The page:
Nimona is a young shapeshifter who dreams of becoming a supervillain, and she gets her chance when she signs up as the squire of the bitter former knight Lord Ballister Blackheart. Blackheart isn't so sure about this arrangement, but she won't go away so he figures she might as well make herself useful. It can't go that badly wrong, can it? Nimona is a relatively quick, self-contained read at about 11 chapters and was recently completed, but in spite of its short length it packs a ton of silliness and character and tension (and occasionally sharks) onto every page.
Rice Boy by Evan Dahm
Read them here
Fantasy/Surreal/Adventure | PG/K+ | Multiple comics in various states of completion
Vattu is the name of the currently ongoing story, but the site itself is named after the first comic, Rice Boy, and there's another called Order of Tales as well. Evan Dahm sets all of his comics in a fictional world called Overside, and he's done a wonderful job avoiding most of the typical fantasy cliches, creating some bizarre and fascinating races and cultures and putting together a pretty damn beautiful world. The whole setting is often surreal and confusing—he's doing a ton of worldbuilding but you have to figure out and experience a lot of it yourself, which makes for some gaps but not in a bad way. Vattu, the story of a young fluter warrior taken from her tribe as a slave and preparing to lead a revolution, seems to be going into the most detail yet about some of Dahm's invented cultures and individual locations. It's not as off-the-wall as Rice Boy or Order of Tales, but the story is incredible and it is highly, highly recommended.
Romantically Apocalyptic by Vitaly S. Alexius
Read it here
Science Fiction/Post-Apocalyptic/Humor | PG-13/T | In Progress | Notes: some artistic nudity, some gory-looking images
Something has gone wrong and the world has ended, the planet locked in a nuclear winter and the last vestiges of humanity struggling to survive in the crumbling ruins of civilization. It all looks terribly bleak and dramatic, but then you realize that those last remaining humans include Zee Captain and his "loyal" "minions" and you can't help but break into a smile. Romantically Apocalyptic combines an engrossing post-apocalyptic setting and great sci-fi story with lots of dark humor and gratuitous silliness, all presented in an absolutely stunning style that blends digital painting with real-world photography. It's worth a look just to browse through the visuals alone.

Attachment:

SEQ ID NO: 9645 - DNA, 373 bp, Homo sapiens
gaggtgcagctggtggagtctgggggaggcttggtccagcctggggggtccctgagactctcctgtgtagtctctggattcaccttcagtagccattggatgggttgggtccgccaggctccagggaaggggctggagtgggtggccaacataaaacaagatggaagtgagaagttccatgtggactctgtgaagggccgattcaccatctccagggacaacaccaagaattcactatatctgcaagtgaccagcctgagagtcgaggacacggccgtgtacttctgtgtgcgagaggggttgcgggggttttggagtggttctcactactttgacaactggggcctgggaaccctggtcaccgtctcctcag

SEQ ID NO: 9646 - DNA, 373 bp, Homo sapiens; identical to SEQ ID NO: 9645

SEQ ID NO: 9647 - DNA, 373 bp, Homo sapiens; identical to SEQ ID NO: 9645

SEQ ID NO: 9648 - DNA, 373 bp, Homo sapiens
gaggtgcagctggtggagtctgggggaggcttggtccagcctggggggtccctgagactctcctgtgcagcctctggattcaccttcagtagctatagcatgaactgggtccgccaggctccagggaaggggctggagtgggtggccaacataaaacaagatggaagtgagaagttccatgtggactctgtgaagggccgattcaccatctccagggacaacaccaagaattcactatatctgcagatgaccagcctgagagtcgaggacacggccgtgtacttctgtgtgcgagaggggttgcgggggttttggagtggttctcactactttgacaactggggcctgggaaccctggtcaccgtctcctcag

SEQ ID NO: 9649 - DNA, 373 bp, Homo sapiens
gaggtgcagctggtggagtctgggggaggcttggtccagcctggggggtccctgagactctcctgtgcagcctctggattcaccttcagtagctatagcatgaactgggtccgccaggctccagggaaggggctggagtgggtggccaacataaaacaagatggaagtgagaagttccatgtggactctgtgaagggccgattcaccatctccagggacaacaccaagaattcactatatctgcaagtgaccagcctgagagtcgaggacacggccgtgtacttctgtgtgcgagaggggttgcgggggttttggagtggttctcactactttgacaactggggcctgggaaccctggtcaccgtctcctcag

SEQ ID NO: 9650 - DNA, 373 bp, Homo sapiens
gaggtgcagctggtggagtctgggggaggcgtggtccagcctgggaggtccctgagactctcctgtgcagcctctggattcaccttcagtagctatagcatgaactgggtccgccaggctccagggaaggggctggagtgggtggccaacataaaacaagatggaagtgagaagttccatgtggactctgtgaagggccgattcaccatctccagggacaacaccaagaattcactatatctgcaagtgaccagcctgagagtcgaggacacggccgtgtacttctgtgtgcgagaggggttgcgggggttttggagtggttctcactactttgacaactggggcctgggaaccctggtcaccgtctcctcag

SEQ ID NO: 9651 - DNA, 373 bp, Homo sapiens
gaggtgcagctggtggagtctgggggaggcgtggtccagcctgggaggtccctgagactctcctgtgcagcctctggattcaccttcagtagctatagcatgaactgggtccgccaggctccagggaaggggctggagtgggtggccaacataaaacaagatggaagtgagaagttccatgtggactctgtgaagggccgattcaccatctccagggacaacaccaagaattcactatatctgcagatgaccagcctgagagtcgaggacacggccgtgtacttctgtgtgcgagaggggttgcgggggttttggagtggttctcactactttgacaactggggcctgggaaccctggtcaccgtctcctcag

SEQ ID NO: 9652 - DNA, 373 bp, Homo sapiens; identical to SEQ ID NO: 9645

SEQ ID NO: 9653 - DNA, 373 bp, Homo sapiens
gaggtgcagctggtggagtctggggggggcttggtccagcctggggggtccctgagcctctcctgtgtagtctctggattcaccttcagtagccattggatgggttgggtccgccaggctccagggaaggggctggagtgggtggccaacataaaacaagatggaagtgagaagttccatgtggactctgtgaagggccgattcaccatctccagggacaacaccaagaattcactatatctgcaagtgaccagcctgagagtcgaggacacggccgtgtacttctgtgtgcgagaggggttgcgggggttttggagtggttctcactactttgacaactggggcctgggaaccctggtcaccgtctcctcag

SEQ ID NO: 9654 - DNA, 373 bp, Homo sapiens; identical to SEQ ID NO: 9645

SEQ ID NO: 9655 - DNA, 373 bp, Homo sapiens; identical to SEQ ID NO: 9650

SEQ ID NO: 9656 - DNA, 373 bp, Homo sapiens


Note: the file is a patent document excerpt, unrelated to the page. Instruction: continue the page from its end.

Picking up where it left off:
I will warn you now, though: RA can be confusing if you only look at the pictures. Some of my personal bewilderment may just be down to me being a touch slow on the uptake, but as far as I can tell it's pretty tricky to understand without additional reading. There is a wiki (labeled "ANNET" in the menu) that will be extremely helpful in explaining events and backstory as you work through the archive, and recent comics have "journal entries" added in the author's comments beneath them that properly clarify what's going on (although those don't always go up on the same day as the comic itself so you may have to check back a few days later) that you should also try to keep up with. The journal entries can get a bit longer than the text you'd expect from a comic, too, so it might be worth thinking of RA as less of a webcomic and more an illustrated piece of prose fiction. The story is shaping up to be very interesting even though it is a little difficult to find and initially very difficult to follow, though, so you should definitely give it a shot.
Saturday Morning Breakfast Cereal by Zach Weiner
Read it here
Gag Comic/Science/Miscellaneous | PG-13/T | In Progress | Notes: strong language, sexual situations (though not generally graphic)
SMBC is a strip comic about science, sex, aliens, religion, science, history, sex and graph jokes. I guess you could say that some of the content is roughly along the lines of what you'd see in xkcd, but a little less technology and a little more history? Something like that. It's often silly but also often very intelligent and darkly humorous. Sometimes it gets pretty racy, but it also gets pretty full of graph jokes so I guess it balances out. Except when the graph jokes are racy, anyway.